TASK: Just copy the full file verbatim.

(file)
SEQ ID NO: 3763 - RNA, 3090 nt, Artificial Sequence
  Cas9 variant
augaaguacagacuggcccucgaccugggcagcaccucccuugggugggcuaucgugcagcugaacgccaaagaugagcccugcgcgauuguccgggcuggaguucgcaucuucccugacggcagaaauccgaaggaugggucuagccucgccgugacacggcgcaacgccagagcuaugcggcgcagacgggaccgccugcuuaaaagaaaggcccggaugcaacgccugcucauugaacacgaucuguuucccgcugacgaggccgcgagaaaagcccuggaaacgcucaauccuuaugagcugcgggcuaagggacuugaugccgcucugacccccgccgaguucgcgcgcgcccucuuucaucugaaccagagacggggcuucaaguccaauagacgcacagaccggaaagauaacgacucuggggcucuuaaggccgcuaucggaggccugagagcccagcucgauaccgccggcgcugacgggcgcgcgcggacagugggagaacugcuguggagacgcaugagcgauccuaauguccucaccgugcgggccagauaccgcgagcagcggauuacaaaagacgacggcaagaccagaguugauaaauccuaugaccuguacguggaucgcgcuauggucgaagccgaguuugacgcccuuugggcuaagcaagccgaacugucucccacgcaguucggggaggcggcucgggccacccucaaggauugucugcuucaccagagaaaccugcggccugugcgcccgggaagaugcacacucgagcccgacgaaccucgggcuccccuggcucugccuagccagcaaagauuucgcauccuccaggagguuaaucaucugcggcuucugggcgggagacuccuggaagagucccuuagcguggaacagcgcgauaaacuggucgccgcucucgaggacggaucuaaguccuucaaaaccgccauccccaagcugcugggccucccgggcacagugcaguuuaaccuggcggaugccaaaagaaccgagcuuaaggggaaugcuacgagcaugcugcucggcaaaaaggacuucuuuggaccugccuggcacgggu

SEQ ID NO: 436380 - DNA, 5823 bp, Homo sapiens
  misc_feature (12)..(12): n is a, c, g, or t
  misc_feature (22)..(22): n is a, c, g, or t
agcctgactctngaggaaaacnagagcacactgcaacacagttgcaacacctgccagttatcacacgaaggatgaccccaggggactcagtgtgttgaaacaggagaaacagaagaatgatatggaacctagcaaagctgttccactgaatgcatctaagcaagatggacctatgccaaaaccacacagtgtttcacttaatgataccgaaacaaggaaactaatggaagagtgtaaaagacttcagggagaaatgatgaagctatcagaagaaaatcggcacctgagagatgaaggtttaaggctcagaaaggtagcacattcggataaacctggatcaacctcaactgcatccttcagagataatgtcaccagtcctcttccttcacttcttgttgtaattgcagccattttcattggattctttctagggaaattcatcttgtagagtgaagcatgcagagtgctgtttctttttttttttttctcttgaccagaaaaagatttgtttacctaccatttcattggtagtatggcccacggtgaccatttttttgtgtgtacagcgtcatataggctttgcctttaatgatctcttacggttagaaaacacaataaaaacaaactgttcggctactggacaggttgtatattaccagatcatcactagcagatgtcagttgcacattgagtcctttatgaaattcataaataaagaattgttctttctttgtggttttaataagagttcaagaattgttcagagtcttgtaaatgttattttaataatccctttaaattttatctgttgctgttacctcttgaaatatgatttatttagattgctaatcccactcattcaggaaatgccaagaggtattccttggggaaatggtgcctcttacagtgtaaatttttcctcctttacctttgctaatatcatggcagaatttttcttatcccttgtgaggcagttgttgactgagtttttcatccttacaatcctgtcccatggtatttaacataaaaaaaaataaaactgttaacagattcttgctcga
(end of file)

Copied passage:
SEQ ID NO: 3763 - RNA, 3090 nt, Artificial Sequence
  Cas9 variant
augaaguacagacuggcccucgaccugggcagcaccucccuugggugggcuaucgugcagcugaacgccaaagaugagcccugcgcgauuguccgggcuggaguucgcaucuucccugacggcagaaauccgaaggaugggucuagccucgccgugacacggcgcaacgccagagcuaugcggcgcagacgggaccgccugcuuaaaagaaaggcccggaugcaacgccugcucauugaacacgaucuguuucccgcugacgaggccgcgagaaaagcccuggaaacgcucaauccuuaugagcugcgggcuaagggacuugaugccgcucugacccccgccgaguucgcgcgcgcccucuuucaucugaaccagagacggggcuucaaguccaauagacgcacagaccggaaagauaacgacucuggggcucuuaaggccgcuaucggaggccugagagcccagcucgauaccgccggcgcugacgggcgcgcgcggacagugggagaacugcuguggagacgcaugagcgauccuaauguccucaccgugcgggccagauaccgcgagcagcggauuacaaaagacgacggcaagaccagaguugauaaauccuaugaccuguacguggaucgcgcuauggucgaagccgaguuugacgcccuuugggcuaagcaagccgaacugucucccacgcaguucggggaggcggcucgggccacccucaaggauugucugcuucaccagagaaaccugcggccugugcgcccgggaagaugcacacucgagcccgacgaaccucgggcuccccuggcucugccuagccagcaaagauuucgcauccuccaggagguuaaucaucugcggcuucugggcgggagacuccuggaagagucccuuagcguggaacagcgcgauaaacuggucgccgcucucgaggacggaucuaaguccuucaaaaccgccauccccaagcugcugggccucccgggcacagugcaguuuaaccuggcggaugccaaaagaaccgagcuuaaggggaaugcuacgagcaugcugcucggcaaaaaggacuucuuuggaccugccuggcacgggu

SEQ ID NO: 436380 - DNA, 5823 bp, Homo sapiens
  misc_feature (12)..(12): n is a, c, g, or t
  misc_feature (22)..(22): n is a, c, g, or t
agcctgactctngaggaaaacnagagcacactgcaacacagttgcaacacctgccagttatcacacgaaggatgaccccaggggactcagtgtgttgaaacaggagaaacagaagaatgatatggaacctagcaaagctgttccactgaatgcatctaagcaagatggacctatgccaaaaccacacagtgtttcacttaatgataccgaaacaaggaaactaatggaagagtgtaaaagacttcagggagaaatgatgaagctatcagaagaaaatcggcacctgagagatgaaggtttaaggctcagaaaggtagcacattcggataaacctggatcaacctcaactgcatccttcagagataatgtcaccagtcctcttccttcacttcttgttgtaattgcagccattttcattggattctttctagggaaattcatcttgtagagtgaagcatgcagagtgctgtttctttttttttttttctcttgaccagaaaaagatttgtttacctaccatttcattggtagtatggcccacggtgaccatttttttgtgtgtacagcgtcatataggctttgcctttaatgatctcttacggttagaaaacacaataaaaacaaactgttcggctactggacaggttgtatattaccagatcatcactagcagatgtcagttgcacattgagtcctttatgaaattcataaataaagaattgttctttctttgtggttttaataagagttcaagaattgttcagagtcttgtaaatgttattttaataatccctttaaattttatctgttgctgttacctcttgaaatatgatttatttagattgctaatcccactcattcaggaaatgccaagaggtattccttggggaaatggtgcctcttacagtgtaaatttttcctcctttacctttgctaatatcatggcagaatttttcttatcccttgtgaggcagttgttgactgagtttttcatccttacaatcctgtcccatggtatttaacataaaaaaaaataaaactgttaacagattcttgctcga